Mobile Banking Improving Lives of Rwanda's Poor

A Christ-centered network of microfinance institutions is helping to provide life-changing mobile banking services in greatly impoverished communities in Rwanda so that people could find more security in life.

"I think mHose helps me not sin as much. As president of the trust group, it's very difficult to get everyone in the group to pay on time. It's possible to find me cursing on phone or even yelling at them in person. Basically, it lowers my stress level when people are accountable and pay on time," Queen Nyirinkwaya, a married Rwanda woman with two daughters and a growing timber business, said in an interview shared with The Christian Post.

"mHose has made it easier for everyone to pay on time. Most people say they pay late because they don't want to leave their business, travel a long way, and stand in long lines. They hesitate because they don't know how long that will take."

Nyirinkwaya is referring to the mHose program (hose is the Rwandan word for "everywhere") developed by microfinance organization Urwego Opportunity Bank (UOB), which delivers financial services to people in underserved areas who don't have access to brick-and-mortar banks. Today, it serves more than 180,000 clients in all 30 districts of Rwanda through 44 business outlets.

UOB is partnering with the Christ-centered HOPE International in an effort to help its largest customer base, which is the laboring poor. Many of those people have virtually no access to public services and educational opportunities, are malnourished and earn incomes below the poverty line, according to a press release.

The mobile banking tool helps such people greatly by providing a way for more efficient money management, which in turn helps those in poverty improve their businesses and provide for their families. A growing number of Rwandans, over 90 percent of whom identify as Christians, have embraced this new technology. The country ranks as the eighth fastest-growing mobile money economies in the world

"We really value the ability we now have of bringing a full range of financial services to Rwandans who are poorly served by the formal financial sector," said Jeffrey Lee, UOB's chief executive. "We want to encourage financial inclusion in Rwanda by serving customers well and offering the best services. Even Rwanda's most underserved communities prefer mobile banking for their daily transactions. It's been exciting to see Rwanda truly embrace mHose."

Peter Greer, president and CEO of HOPE International, which  aims to   "empower men, women, and families to break the cycles of physical and spiritual poverty through discipleship, biblically based business training, savings services, and small loans," emphasized that more convenient banking is especially important for those living in poverty.

"HOPE empowers people living in poverty to provide for themselves. Mobile banking is another way to help our clients do that, by making it safer and easier to manage money and grow a small business," Greer explained.

The non-profit group says that its programs have reached over 575,000 entrepreneurs around the world "with the love of Jesus Christ and the opportunity to start or expand a business."

Nyirinkwaya explained that since she can now make payments using her phone, she doesn't need to close her business to go to the bank or some other place to make a physical payment.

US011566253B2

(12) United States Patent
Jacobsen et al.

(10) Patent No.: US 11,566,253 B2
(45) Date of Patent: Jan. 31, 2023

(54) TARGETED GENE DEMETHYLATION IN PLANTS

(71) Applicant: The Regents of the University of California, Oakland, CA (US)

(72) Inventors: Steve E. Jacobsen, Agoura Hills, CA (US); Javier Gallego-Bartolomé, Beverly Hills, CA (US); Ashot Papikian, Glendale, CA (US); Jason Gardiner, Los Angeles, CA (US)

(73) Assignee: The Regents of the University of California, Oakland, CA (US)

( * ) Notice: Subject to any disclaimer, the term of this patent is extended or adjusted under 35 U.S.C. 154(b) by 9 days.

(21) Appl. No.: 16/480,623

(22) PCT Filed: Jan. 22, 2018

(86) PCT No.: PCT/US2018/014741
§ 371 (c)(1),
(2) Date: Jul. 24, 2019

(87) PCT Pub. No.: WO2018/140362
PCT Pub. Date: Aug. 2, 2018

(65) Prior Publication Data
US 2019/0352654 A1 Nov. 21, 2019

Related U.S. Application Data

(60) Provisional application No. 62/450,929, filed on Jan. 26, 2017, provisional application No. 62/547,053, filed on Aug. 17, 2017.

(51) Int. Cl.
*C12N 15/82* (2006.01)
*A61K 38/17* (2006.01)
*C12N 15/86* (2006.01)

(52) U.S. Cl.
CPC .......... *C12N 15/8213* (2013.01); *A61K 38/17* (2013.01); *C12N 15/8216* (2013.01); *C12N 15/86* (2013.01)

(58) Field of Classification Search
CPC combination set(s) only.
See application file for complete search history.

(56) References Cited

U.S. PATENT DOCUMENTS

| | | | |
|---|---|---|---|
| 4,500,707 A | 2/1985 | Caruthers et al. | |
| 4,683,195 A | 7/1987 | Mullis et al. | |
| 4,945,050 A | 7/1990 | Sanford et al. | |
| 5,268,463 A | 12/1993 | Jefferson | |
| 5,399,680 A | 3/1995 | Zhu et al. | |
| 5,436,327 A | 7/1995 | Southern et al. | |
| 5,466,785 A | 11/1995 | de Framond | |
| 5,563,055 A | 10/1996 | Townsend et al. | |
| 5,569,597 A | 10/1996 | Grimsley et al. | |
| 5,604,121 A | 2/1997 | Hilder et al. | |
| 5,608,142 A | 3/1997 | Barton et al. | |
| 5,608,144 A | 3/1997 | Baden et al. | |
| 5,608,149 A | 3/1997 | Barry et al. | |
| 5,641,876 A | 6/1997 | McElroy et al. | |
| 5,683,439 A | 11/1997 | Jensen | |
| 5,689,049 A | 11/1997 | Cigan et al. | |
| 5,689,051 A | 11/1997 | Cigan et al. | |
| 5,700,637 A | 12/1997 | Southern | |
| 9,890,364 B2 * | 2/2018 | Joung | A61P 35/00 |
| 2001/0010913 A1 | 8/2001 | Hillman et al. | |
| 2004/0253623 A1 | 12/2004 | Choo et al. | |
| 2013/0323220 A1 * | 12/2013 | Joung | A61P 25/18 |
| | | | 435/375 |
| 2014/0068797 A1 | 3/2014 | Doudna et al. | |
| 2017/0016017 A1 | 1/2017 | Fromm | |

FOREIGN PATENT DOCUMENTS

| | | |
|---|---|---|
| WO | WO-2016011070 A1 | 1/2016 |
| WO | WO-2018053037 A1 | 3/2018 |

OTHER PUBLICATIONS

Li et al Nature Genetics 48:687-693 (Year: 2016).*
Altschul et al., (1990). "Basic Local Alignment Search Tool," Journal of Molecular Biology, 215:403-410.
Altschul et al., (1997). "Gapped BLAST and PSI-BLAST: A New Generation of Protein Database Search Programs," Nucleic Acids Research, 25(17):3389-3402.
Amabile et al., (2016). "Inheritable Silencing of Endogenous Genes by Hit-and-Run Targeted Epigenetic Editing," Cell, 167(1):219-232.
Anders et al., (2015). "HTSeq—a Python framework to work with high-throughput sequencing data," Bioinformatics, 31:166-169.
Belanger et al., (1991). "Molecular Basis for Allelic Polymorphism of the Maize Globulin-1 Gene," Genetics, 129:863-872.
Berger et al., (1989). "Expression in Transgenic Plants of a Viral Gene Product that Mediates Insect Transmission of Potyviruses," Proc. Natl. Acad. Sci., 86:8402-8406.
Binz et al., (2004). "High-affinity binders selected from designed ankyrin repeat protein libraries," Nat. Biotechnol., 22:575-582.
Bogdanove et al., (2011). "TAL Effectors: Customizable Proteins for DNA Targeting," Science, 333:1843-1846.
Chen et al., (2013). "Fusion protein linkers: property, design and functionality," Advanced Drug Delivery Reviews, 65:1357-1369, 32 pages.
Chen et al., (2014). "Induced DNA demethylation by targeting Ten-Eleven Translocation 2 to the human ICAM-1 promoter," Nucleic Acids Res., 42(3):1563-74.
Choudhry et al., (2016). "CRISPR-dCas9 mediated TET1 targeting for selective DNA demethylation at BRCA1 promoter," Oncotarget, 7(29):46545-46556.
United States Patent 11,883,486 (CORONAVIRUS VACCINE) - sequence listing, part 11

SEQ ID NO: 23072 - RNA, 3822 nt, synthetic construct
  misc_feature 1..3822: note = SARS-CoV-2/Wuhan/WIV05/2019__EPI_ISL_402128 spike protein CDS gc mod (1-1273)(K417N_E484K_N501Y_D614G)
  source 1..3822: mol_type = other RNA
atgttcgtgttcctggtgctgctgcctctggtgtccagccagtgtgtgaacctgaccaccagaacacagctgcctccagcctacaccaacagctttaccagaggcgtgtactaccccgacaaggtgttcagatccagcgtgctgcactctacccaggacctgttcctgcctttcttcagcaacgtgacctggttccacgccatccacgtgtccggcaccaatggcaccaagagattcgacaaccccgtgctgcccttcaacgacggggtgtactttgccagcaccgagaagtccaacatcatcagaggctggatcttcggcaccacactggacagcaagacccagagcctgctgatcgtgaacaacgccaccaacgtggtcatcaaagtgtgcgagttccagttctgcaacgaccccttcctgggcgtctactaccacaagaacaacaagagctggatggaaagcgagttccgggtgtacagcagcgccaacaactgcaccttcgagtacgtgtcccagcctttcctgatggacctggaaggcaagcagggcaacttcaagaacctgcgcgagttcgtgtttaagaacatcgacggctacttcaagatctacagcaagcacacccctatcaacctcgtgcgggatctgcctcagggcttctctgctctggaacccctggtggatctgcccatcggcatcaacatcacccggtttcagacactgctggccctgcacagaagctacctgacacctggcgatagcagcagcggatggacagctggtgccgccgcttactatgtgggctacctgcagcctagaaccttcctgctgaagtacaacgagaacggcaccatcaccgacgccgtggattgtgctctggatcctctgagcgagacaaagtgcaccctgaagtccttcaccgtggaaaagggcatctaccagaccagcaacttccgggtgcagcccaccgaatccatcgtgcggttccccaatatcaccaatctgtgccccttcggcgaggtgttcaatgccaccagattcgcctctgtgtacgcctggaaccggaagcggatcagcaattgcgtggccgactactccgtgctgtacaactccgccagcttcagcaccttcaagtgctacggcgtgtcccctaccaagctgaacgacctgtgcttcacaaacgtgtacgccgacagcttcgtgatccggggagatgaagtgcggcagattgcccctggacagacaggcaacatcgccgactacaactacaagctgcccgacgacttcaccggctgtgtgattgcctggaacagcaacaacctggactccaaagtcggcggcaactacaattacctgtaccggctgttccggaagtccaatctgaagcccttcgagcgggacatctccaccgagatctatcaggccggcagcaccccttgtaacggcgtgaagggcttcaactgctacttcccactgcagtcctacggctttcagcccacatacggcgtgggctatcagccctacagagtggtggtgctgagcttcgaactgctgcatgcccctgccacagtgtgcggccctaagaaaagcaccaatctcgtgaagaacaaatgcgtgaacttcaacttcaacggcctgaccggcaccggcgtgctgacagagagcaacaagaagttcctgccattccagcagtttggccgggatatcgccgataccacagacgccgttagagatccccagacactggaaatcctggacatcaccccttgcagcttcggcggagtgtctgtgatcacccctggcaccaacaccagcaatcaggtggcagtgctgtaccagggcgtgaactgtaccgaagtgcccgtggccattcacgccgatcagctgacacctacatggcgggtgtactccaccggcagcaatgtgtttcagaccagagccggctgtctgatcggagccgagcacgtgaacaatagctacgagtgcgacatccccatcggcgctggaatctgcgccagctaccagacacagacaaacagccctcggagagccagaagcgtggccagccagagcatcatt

"Buying electricity has become very easy for my family. We are no longer out of power because I can buy electricity through my phone, sitting in my living room," she continued, adding that her family pays rent for her two sisters-in-law and half of her brother's college tuition, and assists her old sister with everyday needs like money for food and clothing.

"My life before joining UOB's trust groups ... I was a stay home mama and a wife. My husband was the only one bringing income home. It was very little money. I had no say since I did not produce any. Life was tough. As a woman I couldn't get what I needed. I couldn't buy me lotion or clothes. I would always depend on whatever my husband brought me and at times he did not bring home anything. Not because he did not want too, but rather he could not afford to dress me and provide the other means to the family."

Nyirinkwaya expressed hopes that she can expand her business and buy a machine that will help hew timber more attractively for clients.

"Then when clients buy, I can hew it for them without giving that business away. I also hope to expand to the point where I can educate my children in university. I also would like to stop renting and build my own home."

HOPE has also implemented an SMS text-messaging initiative in Rwanda in an effort to prioritize spiritual integration, by allowing group leaders to text important information such as group attendance and weekly savings to program leaders, which increases consistency and efficiency of reporting and allows more time to spent on business training and Christian discipleship.

"It was very interesting for me to see the clients learn how to send texts for the first time," said Daniel Bizumuremyi, a group facilitator for HOPE. "They were asking so many questions, which shows that it caught their attention because they were not going to have to walk a long distance any more to submit their reports. Since it takes less time to carry out financial transactions, the group has additional time to study and discuss the Bible. That alone is a huge payoff!"

Further information about HOPE and the various projects it supports is available on the network's official website.